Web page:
In “Board Games,” learn to level up your Sunday brunch, create a holiday board with all your favorite cookies, or style a cheese board for a night in — we have tips for creating all of them. Follow these six simple steps from Olivia Carney of That Charcuterie Chick to create the perfect charcuterie board that can be scaled up or down for any party.
So, you said that you’d bring the cheeseboard. Not to put any pressure on you, but the cheeseboard is a big deal — it’s usually the most popular dish at the party. If you’re not sure where to start, I’m here to tell you it’s as easy as one, two, three (and maybe a few more), and after you’ve done it once, you’ll be a charcuterie board-making master!
Before you start building, you first need to consider how many people you’re going to feed, since that will determine how much food you need and how big your board should be. On average, you should plan to serve one to two ounces of cheese and two ounces of charcuterie per person if the board is an hors d’oeuvre. If you’re serving it as the main course, you’re going to want to double the amounts and serve it with plenty of carbs to round out the meal. This can be anything from crackers and fresh-baked bread to nuts and fruit, or even bite-sized snacks like pinchos.
A good rule of thumb is to include a few more types of cheeses than meats, and to scale the variety of cheeses and meats to the size of your board and your party. For a smaller gathering of four to six people, this would look like two to three cheeses and one to two meats, plus fruit, nuts, olives, crackers, jam/honey, and garnish like fresh herbs. If you’re serving more people, just add more of everything!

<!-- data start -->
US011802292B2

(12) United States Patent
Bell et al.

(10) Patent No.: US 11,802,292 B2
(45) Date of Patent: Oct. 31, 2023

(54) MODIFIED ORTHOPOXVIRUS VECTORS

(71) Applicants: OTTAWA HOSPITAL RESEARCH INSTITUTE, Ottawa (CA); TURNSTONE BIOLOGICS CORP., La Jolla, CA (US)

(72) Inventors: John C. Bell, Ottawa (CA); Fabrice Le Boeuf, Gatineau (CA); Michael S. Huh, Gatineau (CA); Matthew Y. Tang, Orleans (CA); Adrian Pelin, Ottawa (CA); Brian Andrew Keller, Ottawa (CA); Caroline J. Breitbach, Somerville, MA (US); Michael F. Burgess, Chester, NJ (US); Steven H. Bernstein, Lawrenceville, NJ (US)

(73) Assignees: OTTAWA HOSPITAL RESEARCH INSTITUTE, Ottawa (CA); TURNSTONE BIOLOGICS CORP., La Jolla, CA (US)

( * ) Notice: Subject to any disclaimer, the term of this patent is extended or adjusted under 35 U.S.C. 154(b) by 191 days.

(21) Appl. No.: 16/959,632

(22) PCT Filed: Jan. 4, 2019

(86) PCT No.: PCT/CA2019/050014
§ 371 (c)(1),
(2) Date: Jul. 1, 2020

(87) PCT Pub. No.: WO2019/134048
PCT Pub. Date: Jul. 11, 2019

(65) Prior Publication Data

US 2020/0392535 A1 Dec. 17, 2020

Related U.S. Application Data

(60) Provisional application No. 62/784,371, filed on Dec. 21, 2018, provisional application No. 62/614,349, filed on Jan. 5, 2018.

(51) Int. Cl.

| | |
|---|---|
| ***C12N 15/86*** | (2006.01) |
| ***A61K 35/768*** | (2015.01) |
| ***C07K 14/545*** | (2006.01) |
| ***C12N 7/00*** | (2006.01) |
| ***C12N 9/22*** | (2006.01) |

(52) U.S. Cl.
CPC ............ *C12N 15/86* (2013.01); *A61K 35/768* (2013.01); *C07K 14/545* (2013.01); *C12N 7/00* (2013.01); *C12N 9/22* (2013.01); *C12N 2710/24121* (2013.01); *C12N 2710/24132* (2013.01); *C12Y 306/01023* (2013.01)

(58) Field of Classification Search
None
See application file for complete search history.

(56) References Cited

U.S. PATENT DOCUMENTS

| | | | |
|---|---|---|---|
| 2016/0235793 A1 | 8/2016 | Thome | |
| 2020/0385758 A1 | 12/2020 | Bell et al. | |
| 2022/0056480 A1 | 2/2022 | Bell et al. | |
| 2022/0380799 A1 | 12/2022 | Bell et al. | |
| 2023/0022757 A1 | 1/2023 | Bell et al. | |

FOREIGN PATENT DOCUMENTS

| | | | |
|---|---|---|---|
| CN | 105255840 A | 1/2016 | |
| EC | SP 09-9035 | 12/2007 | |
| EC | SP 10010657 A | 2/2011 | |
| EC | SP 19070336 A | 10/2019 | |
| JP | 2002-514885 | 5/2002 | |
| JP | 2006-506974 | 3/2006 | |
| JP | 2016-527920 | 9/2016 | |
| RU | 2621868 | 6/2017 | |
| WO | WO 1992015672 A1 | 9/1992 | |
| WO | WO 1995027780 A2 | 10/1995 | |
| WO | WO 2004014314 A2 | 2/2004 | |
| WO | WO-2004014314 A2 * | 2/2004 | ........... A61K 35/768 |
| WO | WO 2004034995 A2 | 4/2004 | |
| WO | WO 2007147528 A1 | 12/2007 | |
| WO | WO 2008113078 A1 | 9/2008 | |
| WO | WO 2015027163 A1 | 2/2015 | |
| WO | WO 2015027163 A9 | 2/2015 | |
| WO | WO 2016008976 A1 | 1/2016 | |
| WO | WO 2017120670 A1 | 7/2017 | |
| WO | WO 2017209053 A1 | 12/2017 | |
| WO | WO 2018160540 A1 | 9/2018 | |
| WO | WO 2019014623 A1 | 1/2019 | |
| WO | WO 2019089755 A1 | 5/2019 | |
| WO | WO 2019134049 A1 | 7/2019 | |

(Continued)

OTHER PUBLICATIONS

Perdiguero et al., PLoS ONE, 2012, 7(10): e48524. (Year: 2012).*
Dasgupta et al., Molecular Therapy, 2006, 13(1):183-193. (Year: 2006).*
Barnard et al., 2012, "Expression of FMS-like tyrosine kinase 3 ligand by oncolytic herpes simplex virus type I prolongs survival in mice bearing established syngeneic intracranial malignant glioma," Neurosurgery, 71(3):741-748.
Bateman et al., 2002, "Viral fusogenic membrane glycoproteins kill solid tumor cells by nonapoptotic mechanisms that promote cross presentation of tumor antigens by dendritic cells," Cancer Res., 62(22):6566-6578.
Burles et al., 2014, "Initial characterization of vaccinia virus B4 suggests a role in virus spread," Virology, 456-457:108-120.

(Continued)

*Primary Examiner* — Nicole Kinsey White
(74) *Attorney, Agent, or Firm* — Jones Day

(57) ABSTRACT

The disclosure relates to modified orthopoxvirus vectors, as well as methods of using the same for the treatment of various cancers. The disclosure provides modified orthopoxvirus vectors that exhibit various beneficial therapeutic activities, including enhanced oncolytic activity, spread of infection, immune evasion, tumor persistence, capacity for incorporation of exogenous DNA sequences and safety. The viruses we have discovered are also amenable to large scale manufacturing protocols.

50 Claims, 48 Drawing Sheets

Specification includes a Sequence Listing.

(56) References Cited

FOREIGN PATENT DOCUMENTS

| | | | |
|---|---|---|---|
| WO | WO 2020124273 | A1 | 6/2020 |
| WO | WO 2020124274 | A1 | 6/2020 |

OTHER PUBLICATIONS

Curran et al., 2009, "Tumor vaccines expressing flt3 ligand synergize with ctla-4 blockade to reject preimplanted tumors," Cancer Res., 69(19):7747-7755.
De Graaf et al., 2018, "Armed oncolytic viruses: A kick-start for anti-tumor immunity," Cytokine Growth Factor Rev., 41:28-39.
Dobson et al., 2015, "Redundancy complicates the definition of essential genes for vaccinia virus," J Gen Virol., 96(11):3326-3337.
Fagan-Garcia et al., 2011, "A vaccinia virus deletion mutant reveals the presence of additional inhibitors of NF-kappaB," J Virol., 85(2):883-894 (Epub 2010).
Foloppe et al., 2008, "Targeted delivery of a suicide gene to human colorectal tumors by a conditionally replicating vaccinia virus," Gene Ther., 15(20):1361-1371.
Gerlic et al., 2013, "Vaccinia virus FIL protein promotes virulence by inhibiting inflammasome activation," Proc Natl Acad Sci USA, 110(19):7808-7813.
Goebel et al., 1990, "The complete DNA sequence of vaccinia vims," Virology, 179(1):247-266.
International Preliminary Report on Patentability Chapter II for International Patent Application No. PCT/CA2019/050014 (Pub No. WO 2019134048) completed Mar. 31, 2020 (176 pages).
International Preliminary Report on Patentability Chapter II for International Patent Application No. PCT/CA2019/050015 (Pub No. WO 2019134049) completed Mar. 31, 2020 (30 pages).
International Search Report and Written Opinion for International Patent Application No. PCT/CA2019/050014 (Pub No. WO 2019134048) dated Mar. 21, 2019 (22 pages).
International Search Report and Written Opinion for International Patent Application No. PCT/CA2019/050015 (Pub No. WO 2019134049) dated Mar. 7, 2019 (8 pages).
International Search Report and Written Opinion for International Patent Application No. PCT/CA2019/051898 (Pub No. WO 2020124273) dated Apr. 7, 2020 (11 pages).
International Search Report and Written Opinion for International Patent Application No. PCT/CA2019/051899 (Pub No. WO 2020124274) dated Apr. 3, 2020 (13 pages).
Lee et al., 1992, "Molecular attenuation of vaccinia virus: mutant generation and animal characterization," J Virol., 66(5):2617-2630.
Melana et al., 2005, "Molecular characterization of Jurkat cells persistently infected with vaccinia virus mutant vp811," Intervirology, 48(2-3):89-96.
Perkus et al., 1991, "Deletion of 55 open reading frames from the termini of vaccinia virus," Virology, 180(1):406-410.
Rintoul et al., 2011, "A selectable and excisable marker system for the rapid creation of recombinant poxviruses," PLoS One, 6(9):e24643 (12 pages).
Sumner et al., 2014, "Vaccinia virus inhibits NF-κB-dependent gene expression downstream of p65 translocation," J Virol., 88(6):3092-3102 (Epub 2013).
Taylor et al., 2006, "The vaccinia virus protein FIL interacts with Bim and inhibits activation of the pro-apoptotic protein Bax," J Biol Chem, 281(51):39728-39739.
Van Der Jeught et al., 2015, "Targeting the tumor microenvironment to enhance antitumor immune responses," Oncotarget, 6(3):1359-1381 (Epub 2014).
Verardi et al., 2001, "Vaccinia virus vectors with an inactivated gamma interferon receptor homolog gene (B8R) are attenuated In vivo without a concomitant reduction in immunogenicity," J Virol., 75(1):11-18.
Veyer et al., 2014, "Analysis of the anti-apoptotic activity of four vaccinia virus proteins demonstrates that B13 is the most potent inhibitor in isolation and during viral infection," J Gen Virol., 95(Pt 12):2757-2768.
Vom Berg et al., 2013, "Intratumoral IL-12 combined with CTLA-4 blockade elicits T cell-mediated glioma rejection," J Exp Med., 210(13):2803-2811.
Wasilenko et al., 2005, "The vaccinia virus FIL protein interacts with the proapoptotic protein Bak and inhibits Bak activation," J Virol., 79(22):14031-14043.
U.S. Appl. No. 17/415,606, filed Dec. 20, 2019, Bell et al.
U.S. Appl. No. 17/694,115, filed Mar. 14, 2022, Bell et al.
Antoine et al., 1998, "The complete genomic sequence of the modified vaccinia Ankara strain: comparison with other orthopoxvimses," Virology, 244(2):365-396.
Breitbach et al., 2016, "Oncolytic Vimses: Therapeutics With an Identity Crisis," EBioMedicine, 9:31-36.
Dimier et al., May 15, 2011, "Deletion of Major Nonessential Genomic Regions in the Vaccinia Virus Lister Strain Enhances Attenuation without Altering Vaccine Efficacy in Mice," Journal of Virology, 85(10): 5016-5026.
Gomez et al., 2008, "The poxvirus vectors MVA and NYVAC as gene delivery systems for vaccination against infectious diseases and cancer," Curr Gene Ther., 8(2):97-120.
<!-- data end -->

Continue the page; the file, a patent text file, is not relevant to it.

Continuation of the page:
Here’s the step-by-step for building and styling your beautiful cheeseboard.
Step 1: Ramekins/Small bowls
Begin by placing a few ramekins and small bowls on the board. We will add our honeys, jam, and olives here a little bit later, but for now this reserves the space for them as well as builds volume and height. If you’re serving olives or anything with a pit, you’ll want to have a small bowl set off to the side as well for guests to put the pits.
Step 2: Cheese
The first food you’ll place is the ever-important cheese. Since the cheese wedges are often the food with the most volume, you can use them as a focal point to build off of; plus, placing the cheese first ensures it doesn’t get crowded out later. I recommend choosing cheeses that vary in texture, flavor, and/or milk types, which not only will please different palates but allows for a wide variety of flavor profiles to experiment with.
For this board, I focused my cheese selections on different textures and flavor profiles. The Bayley Hazen Blue, a soft cow’s milk cheese, is dense and creamy. Like most blue cheeses, this one is peppery, but also has a grassy, toasted-nut sweetness, giving it a balance of flavors that makes it great for guests who may not have tried blue cheese before. The Harry & David Gouda, a semisoft cow’s milk cheese, is known for its caramel-like flavor and is a great option to have on the board for guests who prefer a milder flavor. Finally, the Sartori Rosemary and Olive Oil Asiago, a hard cow’s milk cheese, has a rich, fruity, nutty flavor that lends it to pairing well with the crackers and nuts (and chardonnay, if you’re serving wine).